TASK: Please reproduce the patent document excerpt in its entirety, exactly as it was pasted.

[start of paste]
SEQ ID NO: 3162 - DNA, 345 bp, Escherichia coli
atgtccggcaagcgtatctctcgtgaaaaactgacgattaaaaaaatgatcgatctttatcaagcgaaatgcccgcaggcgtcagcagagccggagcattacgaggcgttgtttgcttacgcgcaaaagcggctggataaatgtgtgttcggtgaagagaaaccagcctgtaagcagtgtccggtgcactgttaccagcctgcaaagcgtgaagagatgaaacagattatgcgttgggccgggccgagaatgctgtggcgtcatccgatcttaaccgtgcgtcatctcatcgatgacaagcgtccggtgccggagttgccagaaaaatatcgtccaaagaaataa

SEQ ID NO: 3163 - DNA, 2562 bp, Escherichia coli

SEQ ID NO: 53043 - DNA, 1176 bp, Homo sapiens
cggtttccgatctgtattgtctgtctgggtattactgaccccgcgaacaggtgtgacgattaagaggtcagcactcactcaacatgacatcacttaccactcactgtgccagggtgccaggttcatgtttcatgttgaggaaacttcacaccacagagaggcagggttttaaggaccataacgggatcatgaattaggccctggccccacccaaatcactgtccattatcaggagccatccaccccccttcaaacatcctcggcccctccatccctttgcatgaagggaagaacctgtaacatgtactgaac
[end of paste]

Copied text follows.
SEQ ID NO: 3162 - DNA, 345 bp, Escherichia coli
atgtccggcaagcgtatctctcgtgaaaaactgacgattaaaaaaatgatcgatctttatcaagcgaaatgcccgcaggcgtcagcagagccggagcattacgaggcgttgtttgcttacgcgcaaaagcggctggataaatgtgtgttcggtgaagagaaaccagcctgtaagcagtgtccggtgcactgttaccagcctgcaaagcgtgaagagatgaaacagattatgcgttgggccgggccgagaatgctgtggcgtcatccgatcttaaccgtgcgtcatctcatcgatgacaagcgtccggtgccggagttgccagaaaaatatcgtccaaagaaataa

SEQ ID NO: 3163 - DNA, 2562 bp, Escherichia coli

SEQ ID NO: 53043 - DNA, 1176 bp, Homo sapiens
cggtttccgatctgtattgtctgtctgggtattactgaccccgcgaacaggtgtgacgattaagaggtcagcactcactcaacatgacatcacttaccactcactgtgccagggtgccaggttcatgtttcatgttgaggaaacttcacaccacagagaggcagggttttaaggaccataacgggatcatgaattaggccctggccccacccaaatcactgtccattatcaggagccatccaccccccttcaaacatcctcggcccctccatccctttgcatgaagggaagaacctgtaacatgtactgaac